Saturday, March 28, 2009

Another blow for "three strikes" and music industry internet filtering

Significant developments at European level, where the European Parliament's report Security and Fundamental Freedoms on the Internet has rejected arguments for the filtering of p2p networks or disconnection of users alleged to have shared music. As summarised by the Irish Times:
The report on security and fundamental freedom on the internet said the penalties imposed should be "proportionate to the infringements committed" and rejected "systematic monitoring and surveillance” of all users’ online activities. It also warned against "certain excessive access restrictions placed by intellectual property holders themselves".
This echoes action by the Council of Europe which in July 2008 adopted Human Rights Guidelines for Internet Service Providers. Those guidelines took a similar approach - rejecting blanket monitoring of traffic and stating that:
Cutting access to individual customer accounts constitutes a restriction on your customer’s rights to access the benefits from the information society and to exercise their rights to freedom of expression and information. Cutting access should only be done for law enforcement or other legitimate and strictly necessary reasons.
Of course, neither document is itself directly enforceable in Irish law - but both may have a persuasive effect if the issues of filtering and disconnection of users return to the High Court.

Tuesday, March 17, 2009

Censorship in Oz - Now links are banned too

Remarkable news from the Sydney Morning Herald:
The Australian communications regulator says it will fine people who hyperlink to sites on its blacklist...

The move by the Australian Communications and Media Authority comes after it threatened the host of online broadband discussion forum Whirlpool last week with a $11,000-a-day fine over a link published in its forum to another page blacklisted by ACMA - an anti-abortion website.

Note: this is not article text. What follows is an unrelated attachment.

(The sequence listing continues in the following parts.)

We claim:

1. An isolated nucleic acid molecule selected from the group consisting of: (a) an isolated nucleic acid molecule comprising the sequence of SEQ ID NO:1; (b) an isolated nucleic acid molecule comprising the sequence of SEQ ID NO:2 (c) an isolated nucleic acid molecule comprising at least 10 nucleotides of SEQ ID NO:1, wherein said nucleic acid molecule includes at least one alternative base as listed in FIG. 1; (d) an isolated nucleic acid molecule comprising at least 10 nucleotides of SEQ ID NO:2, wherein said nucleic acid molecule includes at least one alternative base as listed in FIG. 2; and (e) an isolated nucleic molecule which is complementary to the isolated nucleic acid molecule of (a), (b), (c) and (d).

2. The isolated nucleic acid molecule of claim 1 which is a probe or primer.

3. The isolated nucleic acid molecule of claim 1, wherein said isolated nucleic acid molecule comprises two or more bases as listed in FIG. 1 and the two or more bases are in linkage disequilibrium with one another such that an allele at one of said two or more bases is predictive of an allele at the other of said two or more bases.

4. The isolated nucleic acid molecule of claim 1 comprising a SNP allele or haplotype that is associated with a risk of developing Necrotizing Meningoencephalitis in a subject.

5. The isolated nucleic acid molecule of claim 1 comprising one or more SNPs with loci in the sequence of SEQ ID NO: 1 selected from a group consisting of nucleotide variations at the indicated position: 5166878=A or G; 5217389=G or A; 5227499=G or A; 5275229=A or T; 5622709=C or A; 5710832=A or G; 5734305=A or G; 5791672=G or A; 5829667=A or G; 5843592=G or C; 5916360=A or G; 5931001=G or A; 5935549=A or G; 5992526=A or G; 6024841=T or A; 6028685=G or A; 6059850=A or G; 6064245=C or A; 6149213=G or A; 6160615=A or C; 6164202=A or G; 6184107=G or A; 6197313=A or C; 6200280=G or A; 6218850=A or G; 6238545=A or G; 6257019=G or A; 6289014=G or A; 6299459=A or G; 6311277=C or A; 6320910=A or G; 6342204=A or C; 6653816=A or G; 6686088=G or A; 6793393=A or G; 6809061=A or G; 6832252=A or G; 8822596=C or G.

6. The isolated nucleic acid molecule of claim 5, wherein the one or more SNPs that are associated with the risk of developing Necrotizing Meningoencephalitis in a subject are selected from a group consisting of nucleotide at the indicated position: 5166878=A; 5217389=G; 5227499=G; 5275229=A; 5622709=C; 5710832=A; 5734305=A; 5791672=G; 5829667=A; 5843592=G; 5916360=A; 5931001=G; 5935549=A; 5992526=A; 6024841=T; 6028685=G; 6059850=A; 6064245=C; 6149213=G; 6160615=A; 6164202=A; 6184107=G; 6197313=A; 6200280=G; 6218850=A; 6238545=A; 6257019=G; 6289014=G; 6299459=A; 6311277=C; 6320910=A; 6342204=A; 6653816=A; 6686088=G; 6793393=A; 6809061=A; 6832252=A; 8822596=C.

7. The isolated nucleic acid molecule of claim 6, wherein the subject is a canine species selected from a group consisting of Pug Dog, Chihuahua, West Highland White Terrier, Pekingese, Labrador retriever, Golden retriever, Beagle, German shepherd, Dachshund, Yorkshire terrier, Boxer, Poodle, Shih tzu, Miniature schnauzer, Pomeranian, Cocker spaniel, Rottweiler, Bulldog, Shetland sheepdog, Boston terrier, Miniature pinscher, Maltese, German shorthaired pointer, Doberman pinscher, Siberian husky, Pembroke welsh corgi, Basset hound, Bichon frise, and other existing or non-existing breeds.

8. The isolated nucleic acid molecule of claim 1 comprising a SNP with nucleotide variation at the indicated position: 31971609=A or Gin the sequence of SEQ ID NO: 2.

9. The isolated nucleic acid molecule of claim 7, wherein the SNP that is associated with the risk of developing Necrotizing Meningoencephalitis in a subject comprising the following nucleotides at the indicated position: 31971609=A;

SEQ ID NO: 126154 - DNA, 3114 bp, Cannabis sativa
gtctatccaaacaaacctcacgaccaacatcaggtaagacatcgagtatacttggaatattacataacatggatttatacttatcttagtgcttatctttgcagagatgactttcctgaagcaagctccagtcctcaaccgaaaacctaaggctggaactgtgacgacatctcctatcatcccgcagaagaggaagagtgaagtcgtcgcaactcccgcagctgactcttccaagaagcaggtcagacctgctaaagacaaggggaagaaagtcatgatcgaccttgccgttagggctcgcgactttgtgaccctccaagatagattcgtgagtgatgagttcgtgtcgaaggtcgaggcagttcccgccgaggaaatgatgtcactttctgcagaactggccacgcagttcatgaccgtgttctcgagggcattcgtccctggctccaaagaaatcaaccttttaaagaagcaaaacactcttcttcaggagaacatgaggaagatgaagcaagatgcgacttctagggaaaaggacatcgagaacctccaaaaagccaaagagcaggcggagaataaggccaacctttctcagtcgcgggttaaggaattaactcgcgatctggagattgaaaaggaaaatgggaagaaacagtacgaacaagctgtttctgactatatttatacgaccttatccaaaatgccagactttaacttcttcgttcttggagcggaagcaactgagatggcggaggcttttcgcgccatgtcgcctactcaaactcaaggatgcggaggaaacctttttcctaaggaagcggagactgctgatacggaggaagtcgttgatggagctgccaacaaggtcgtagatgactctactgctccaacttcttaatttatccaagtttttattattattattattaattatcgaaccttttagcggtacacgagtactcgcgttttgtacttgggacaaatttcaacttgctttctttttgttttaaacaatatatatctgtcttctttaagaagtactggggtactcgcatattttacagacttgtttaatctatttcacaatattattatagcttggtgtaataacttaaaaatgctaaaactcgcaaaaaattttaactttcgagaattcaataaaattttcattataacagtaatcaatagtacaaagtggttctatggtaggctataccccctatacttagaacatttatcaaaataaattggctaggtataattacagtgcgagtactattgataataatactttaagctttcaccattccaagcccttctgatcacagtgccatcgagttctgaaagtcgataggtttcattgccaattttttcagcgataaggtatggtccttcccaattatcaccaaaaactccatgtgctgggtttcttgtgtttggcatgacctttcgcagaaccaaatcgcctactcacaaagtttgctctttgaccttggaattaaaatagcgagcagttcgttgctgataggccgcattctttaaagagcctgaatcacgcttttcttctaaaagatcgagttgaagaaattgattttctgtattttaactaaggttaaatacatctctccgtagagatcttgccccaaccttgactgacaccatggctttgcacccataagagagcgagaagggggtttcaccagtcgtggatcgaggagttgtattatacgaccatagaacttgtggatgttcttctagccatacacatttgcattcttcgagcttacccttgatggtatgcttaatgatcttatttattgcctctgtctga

The irony here is that the anti-abortion website was referred to ACMA by an anti-censorship campaigner seeking to demonstrate that the blacklist would be used to censor legitimate political speech. Once he succeeded in this aim, it seems that ACMA became embarrassed by their own actions and are now trying to prevent Australians from viewing the page and deciding for themselves whether ACMA's decisions can be trusted.

Electronic Frontiers Australia has more.

In the meantime, here's the ACMA response which they're now trying to censor:
Subject: Complaint Reference: 2009000009/ ACMA-691604278
Date: Wed, 21 Jan 2009 15:45:00 +1100
Complaint Reference: 2009000009/ ACMA-691604278
I refer to the complaint that you lodged with the Australian Communications and Media Authority (ACMA) on 5th January 2009 about certain content made available at:

Following investigation of your complaint, ACMA is satisfied that the internet content is hosted outside Australia, and that the content is prohibited or potential prohibited content.

The Internet Industry Association (IIA) has a code of practice ( for Internet Service Providers (ISPs) which, among other things, set out arrangements for dealing with such content. In accordance with the code, ACMA has notified the above content to the makers of IIA approved filters, for their attention and appropriate action. The code requires ISPs to make available to customers an IIA approved filter.

Information about ACMA’s role in regulating online content (including internet and mobile content), including what is prohibited or potentially prohibited content is available at ACMA’s website at

Thank you for bringing this matter to ACMA’s attention.
One point stands out about this response. Similar to the Wikipedia debacle in the UK, material is being blacklisted on the basis that it is "potentially" prohibited - that is to say, ACMA is taking a guess as to what the actual censorship body - the Classification Board - might do if asked to decide on the material.